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\begin{paragr}\label{paragr:defoograph}
  An \emph{$\oo$-graph} $C$ consists of a sequence $(C_k)_{k \in \mathbb{N}}$ of sets together with maps
  \[ \begin{tikzcd}
    C_{k-1} &\ar[l,"s",shift left] \ar[l,"t"',shift right] C_{k}
  \end{tikzcd}
  \]
  for every $k > 0$, subject to the \emph{globular identities}:
  \begin{equation*}
  \left\{
  \begin{aligned}
    s \circ s &= s \circ t, \\
    t \circ t &= t \circ s.
  \end{aligned}
  \right.
  \end{equation*}
  Elements of $C_k$ are called \emph{$k$-cells} or \emph{cells of dimension $k$}.
  For $x$ a $k$-cell with $k>0$, $s(x)$ is the \emph{source} of $x$ and $t(x)$ is the \emph{target} of $x$.
  
  More generally for all $k<n \in \mathbb{N}$, we define maps $s_k,t_k : C_n \to C_k$ as
  \[
  s_k = \underbrace{s\circ \dots \circ s}_{n-k \text{ times}}
  \]
  and
    \[
  t_k = \underbrace{t\circ \dots \circ t}_{n-k \text{ times}}.
  \]
  For an $n$-cell $x$, $s_k(x)$ is the \emph{$k$-source} of $x$ and $t_k(x)$ the \emph{$k$-target} of $x$.


  Two $k$-cells $x$ and $y$ are \emph{parallel} if $k=0$ or $k>0$ and
  \[
  s(x)=s(y) \text{ and } t(x)=t(y).
  \]
   For all $k<n \in \mathbb{N}$, we define the set $C_n\underset{C_k}{\times}C_n$ as the following fibred product
    \[
    \begin{tikzcd}
      C_n\underset{C_k}{\times}C_n \ar[r] \ar[dr,phantom,"\lrcorner", very near start] \ar[d] &C_n \ar[d,"t_k"]\\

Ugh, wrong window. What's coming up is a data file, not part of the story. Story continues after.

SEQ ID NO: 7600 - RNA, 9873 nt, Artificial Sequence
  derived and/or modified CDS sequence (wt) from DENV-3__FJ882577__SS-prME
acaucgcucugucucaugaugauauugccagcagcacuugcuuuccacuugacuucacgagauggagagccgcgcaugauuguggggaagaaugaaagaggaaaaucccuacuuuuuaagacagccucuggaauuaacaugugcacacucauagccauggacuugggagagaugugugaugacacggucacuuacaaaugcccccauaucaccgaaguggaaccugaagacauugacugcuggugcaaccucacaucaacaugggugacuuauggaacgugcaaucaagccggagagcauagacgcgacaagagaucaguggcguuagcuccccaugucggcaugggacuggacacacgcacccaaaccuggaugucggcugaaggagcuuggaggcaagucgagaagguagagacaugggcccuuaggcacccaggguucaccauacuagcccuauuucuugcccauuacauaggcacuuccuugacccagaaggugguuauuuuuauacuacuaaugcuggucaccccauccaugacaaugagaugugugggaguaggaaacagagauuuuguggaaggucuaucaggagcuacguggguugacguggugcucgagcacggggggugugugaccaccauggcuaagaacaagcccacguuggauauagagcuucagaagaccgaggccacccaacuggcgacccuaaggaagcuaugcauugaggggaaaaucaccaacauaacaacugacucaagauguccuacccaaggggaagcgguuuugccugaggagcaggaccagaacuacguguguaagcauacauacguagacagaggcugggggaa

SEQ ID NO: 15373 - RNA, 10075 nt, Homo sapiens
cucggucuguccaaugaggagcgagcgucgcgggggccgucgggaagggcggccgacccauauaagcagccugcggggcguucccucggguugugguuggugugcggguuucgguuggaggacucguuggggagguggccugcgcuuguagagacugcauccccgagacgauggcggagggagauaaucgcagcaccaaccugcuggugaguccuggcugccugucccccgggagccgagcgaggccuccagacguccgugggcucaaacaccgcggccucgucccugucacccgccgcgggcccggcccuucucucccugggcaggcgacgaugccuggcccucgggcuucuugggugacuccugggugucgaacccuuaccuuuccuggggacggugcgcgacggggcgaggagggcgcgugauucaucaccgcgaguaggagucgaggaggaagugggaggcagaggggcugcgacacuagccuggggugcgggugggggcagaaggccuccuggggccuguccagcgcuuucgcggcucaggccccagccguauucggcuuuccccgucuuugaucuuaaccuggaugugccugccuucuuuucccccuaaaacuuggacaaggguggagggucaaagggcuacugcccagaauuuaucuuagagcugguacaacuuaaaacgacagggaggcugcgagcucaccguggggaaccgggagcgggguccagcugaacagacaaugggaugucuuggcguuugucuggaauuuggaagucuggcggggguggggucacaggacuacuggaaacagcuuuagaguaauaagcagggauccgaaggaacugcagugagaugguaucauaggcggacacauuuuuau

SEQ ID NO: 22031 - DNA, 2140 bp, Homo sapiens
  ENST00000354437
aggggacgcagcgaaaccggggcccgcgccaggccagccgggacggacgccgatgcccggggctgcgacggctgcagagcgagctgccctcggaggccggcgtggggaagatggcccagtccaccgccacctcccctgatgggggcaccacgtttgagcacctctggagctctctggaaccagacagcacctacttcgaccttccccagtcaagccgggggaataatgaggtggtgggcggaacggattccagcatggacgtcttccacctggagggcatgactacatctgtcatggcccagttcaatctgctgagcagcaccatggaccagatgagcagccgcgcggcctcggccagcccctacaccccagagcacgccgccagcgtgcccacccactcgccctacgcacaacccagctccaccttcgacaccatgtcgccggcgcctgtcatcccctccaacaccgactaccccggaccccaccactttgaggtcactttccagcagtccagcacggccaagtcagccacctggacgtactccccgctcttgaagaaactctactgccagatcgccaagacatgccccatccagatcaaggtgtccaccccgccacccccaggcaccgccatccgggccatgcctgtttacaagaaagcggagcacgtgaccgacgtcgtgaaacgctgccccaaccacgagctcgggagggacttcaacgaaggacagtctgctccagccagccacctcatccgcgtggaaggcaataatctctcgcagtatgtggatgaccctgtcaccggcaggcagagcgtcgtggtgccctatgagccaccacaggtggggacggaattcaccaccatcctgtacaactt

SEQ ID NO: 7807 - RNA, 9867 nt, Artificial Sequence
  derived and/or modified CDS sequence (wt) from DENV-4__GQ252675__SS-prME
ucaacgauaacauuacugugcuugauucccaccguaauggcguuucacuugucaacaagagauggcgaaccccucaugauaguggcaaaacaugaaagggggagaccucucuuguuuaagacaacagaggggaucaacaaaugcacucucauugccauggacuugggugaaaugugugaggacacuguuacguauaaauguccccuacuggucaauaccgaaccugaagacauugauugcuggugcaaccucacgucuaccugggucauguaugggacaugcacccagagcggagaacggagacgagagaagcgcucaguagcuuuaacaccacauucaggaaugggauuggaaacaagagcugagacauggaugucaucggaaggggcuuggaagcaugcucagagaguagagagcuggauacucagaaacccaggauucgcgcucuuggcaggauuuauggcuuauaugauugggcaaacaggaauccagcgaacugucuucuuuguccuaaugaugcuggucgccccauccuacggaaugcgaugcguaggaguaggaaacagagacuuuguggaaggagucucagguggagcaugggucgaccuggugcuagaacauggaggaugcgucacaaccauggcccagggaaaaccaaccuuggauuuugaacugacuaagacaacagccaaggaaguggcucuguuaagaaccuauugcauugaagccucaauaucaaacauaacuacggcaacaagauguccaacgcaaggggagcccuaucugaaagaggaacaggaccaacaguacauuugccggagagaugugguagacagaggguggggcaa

C_n \ar[r,"s_k"] & C_k.
      \end{tikzcd}
    \]
    That is, elements of $C_n\underset{C_k}{\times}C_n$ are pairs $(x,y)$ of $n$-cells such that $s_k(x)=t_k(y)$. We say that two $n$-cells $x$ and $y$ are \emph{$k$-composable} if the pair $(x,y)$ belongs to $C_n\times_{C_k}C_n$. 
\end{paragr}

\begin{paragr}\label{paragr:defmoroograph}
    Let $C$ and $C'$ be two $\oo$-graphs. A \emph{morphism of $\oo$-graphs} $f : C \to C'$ from $C$ to $C'$ is a sequence $(f_k : C_k \to D_k)_{k \in \mathbb{N}}$ of maps such that for every $k>0$, the squares
    \[
    \begin{tikzcd}
    C_k \ar[d,"s"] \ar[r,"f_k"]&C'_k \ar[d,"s"] \\
    C_{k-1} \ar[r,"f_{k-1}"] & C'_{k-1}
    \end{tikzcd}
\quad
        \begin{tikzcd}
    C_k \ar[d,"t"] \ar[r,"f_k"]&C'_k \ar[d,"t"] \\
    C_{k-1} \ar[r,"f_{k-1}"] & C'_{k-1}
    \end{tikzcd}
    \]
    are commutative.

    For a $k$-cell $x$, we will often write $f(x)$ instead of $f_k(x)$.
    We denote by $\ooGrph$ the category of $\oo$-graphs and morphisms of $\oo$-graphs.
\end{paragr}
\begin{paragr}
  For $n \in \mathbb{N}$, the notion of \emph{$n$-graph} is defined similarly, only this time there is only a finite sequence $(C_k)_{0 \leq k \leq n}$ of cells.
  For example, a $0$-graph is just a set and a $1$-graph is an ordinary graph
  \[
  \begin{tikzcd}
    C_0 & \ar[l,shift right,"t"'] \ar[l,shift left,"s"] C_1.
    \end{tikzcd}
  \]
  The definition of morphism of $n$-graphs is the same as for $\omega$-graphs, only this time there is only a finite sequence $(f_k : C_k \to C'_k)_{0 \leq k \leq n}$ of maps. We denote by $\nGrph$ the category of $n$-graphs and morphisms of $n$-graphs.  
\end{paragr}
\begin{paragr}
  Let $n \in \nbar$. An \emph{$n$-magma} consists of:
  \begin{itemize}
  \item[-] an $n$-graph $C$,
  \item[-] maps
    \[
    \begin{aligned}
    (\shortminus)\underset{k}{\ast}(\shortminus)  : C_l\underset{C_k}{\times}C_l &\to C_l \\
      (x,y) &\mapsto x\underset{k}{\ast}y
      \end{aligned}
    \]